“Don’t worry, I got you. I won’t let you fall.” he said as he applied more pressure to his hand that was in my back.

Oh thanks, I thought as I maneuvered my left leg into the position he desired. It was one of the most awkward positions I’d ever been in. If the officer wasn’t holding me up I’d have fallen over.

You are completely defenseless in this position. I guess that was the point. I was put in that weird position to see if I would be cooperative and to display the officer’s dominance. He didn’t do anything else while I was in that position, he didn’t pat me down, he just had me stand there for a while.

When he was satisfied he let me off the wall to stand like a normal human being.

THE INTERROGATION

Next we walked into the large office area adjoining the wall. There were several Border Patrol agents in their green military outfits typing at computers and joking with one another. On one wall was a long bench that ran the length of the room. There was a Hispanic mother and her young child sitting on one side of the bench while a Border Patrol officer sat typing at a computer in the desk facing them.

I noticed that every 2 or 3 feet on the bench there was a set of handcuffs attached to a chain. As the officer walked me to his desk he told me to sit on the part of the bench right in front of his computer terminal that was facing me.

I was a relieved when I realized he was not going to hand cuff me to the bench.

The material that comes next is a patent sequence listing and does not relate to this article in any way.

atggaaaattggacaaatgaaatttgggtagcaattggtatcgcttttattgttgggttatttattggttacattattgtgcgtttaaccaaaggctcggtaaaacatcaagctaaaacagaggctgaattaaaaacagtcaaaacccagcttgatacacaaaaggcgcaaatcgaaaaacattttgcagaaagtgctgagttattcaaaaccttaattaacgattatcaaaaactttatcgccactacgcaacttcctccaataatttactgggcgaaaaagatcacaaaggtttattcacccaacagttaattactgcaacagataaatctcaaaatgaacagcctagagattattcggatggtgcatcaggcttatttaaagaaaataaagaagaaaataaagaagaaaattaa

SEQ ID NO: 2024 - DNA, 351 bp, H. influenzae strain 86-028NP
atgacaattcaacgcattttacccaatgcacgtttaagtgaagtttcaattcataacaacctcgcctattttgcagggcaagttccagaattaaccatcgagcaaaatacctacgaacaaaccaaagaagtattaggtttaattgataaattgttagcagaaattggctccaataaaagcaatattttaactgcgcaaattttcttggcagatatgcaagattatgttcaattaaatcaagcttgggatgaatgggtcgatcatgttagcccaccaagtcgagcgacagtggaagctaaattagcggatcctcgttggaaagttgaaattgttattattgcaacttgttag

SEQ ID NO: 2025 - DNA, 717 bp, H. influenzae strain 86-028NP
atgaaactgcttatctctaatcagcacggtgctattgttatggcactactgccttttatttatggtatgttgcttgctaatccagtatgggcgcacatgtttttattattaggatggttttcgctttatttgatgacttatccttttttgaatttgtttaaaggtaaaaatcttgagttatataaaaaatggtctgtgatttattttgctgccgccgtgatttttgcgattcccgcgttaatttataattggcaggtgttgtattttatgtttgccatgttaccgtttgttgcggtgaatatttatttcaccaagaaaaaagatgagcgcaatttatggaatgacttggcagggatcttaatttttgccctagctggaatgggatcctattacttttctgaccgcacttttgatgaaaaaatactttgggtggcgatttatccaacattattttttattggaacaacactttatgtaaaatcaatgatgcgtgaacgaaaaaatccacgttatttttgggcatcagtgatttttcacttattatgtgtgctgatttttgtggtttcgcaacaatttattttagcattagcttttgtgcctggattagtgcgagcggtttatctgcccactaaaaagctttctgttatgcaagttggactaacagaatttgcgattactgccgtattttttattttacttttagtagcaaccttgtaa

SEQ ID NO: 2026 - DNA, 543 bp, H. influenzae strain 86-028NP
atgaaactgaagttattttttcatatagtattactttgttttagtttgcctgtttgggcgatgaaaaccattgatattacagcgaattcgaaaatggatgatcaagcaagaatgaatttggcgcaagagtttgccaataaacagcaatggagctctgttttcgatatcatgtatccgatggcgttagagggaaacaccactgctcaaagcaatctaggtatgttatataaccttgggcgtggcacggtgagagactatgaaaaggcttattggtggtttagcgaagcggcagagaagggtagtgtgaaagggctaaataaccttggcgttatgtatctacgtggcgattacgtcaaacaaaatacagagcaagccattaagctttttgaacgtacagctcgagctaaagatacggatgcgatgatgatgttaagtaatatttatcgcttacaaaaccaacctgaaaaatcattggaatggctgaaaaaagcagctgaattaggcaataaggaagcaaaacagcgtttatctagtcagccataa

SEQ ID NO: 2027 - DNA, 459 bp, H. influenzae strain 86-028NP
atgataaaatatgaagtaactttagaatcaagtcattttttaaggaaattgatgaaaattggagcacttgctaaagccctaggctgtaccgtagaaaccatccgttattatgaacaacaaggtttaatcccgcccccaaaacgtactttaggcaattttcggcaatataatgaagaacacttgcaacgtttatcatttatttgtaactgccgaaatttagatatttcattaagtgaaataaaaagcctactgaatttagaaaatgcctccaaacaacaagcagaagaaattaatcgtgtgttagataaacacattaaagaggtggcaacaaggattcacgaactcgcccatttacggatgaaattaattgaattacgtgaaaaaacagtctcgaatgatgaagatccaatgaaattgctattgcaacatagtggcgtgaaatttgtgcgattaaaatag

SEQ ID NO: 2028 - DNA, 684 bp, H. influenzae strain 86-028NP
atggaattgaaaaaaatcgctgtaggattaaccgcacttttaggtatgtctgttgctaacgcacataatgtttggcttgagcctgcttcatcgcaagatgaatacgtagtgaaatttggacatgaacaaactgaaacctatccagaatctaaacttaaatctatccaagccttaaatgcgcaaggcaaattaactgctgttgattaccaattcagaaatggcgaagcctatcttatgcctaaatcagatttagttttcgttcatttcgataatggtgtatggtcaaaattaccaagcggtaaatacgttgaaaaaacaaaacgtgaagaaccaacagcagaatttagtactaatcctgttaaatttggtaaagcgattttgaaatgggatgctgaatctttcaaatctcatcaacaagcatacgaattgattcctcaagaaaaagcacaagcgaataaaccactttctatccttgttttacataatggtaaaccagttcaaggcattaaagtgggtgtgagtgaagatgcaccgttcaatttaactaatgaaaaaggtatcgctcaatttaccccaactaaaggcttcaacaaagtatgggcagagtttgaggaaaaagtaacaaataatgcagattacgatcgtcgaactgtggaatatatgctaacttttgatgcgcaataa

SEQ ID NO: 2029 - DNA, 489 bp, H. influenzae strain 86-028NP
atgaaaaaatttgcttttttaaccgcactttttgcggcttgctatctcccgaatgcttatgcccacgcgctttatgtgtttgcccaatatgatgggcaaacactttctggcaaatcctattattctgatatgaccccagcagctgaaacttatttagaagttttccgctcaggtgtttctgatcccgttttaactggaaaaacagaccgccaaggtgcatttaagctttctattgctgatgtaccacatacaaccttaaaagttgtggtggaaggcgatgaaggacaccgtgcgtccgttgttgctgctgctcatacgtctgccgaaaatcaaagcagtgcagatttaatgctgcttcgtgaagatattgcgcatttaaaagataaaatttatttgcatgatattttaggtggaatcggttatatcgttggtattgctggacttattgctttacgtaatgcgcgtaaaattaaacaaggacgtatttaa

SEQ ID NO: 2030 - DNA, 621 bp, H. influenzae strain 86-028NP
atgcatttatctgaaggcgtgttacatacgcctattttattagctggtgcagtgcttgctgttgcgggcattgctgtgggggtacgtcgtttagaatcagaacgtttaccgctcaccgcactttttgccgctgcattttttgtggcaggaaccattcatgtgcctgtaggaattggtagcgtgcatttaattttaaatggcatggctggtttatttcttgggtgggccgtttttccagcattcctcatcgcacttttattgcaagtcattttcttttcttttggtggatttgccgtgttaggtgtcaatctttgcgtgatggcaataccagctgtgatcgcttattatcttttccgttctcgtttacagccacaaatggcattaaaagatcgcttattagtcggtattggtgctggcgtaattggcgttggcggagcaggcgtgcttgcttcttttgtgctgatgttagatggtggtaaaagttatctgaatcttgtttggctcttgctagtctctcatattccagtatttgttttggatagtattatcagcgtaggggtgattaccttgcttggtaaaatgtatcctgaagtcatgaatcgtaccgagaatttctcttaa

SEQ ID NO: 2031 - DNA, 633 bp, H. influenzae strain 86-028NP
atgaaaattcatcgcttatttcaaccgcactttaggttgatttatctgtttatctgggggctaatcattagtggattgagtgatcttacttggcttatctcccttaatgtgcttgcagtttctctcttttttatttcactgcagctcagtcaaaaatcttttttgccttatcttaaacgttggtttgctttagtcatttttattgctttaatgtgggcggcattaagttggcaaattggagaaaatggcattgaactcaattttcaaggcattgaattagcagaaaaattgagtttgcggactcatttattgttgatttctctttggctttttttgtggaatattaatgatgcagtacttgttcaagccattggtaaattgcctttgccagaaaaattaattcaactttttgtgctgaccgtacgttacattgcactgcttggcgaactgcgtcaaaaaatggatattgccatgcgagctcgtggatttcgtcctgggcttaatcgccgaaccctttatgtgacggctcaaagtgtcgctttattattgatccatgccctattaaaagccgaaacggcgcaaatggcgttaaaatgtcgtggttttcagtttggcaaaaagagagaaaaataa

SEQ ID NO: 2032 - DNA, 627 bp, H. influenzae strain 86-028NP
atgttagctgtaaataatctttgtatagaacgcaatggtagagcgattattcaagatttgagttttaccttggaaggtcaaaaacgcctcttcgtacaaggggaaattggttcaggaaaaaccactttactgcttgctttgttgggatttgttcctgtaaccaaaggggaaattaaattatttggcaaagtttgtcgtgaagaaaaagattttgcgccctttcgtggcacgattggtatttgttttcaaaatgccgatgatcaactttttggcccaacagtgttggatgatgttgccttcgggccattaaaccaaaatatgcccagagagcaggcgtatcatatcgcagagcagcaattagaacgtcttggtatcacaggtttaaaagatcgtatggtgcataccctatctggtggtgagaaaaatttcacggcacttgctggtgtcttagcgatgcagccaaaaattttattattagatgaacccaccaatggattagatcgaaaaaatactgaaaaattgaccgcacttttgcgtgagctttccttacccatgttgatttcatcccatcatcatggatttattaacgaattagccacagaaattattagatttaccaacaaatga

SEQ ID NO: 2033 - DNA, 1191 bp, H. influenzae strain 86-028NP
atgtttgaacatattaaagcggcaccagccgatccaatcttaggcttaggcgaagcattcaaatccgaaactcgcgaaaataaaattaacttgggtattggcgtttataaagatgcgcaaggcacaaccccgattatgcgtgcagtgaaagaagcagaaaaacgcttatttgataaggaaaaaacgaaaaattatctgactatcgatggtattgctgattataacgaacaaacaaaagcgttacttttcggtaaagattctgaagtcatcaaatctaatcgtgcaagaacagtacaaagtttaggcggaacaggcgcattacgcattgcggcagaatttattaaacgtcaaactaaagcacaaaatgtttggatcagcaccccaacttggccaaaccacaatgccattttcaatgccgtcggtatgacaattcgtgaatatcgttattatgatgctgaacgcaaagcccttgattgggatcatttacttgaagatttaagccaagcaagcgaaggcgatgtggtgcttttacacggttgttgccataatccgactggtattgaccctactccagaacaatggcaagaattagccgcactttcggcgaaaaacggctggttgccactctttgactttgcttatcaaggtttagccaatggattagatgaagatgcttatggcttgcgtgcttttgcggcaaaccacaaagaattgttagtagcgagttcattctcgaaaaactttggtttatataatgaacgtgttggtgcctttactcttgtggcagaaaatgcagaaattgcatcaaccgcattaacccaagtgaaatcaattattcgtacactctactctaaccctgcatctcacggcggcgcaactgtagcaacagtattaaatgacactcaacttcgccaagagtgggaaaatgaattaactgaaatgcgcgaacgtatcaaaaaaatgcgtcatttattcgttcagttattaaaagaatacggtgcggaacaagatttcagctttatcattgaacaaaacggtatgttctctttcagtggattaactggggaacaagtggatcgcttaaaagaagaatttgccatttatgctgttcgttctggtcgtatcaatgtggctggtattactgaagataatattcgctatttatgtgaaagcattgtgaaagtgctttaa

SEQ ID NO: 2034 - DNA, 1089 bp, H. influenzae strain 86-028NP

The officer informed that I was being arrested and slid a piece of paper across his desk. There were 3 boxes at the top of the page. I had to check 2.

The first box was informing me of my rights. Instead of verbally reading me my rights, they were written down. I had to check the box indicating that I had read them.

The officer explained the next 2 boxes.

The first one indicated that I would cooperate with the government and they could ask me questions about the cookies. If I cooperated I might be able to get a better treatment.

The second box indicated that I chose the right to remain silent and requested a lawyer. If I did this then the officer couldn’t speak to me about the allegations and couldn’t “help me out.”

I was getting arrested in a Border Patrol checkpoint in west Texas. It was the middle of nowhere. I figured I would sit in jail for a few days before I was able to talk to a lawyer.

I was not happy about the situation I was in.

I told the officer, “I dunno. What do you think? It kinda sounds like I need a lawyer.”

I was trying to play as dumb as possible while also being polite to the guy.

“If you ask for a lawyer then I can’t talk to you and I can’t help you out” said the officer.

I politely checked box number 2.

**Helpful Hint**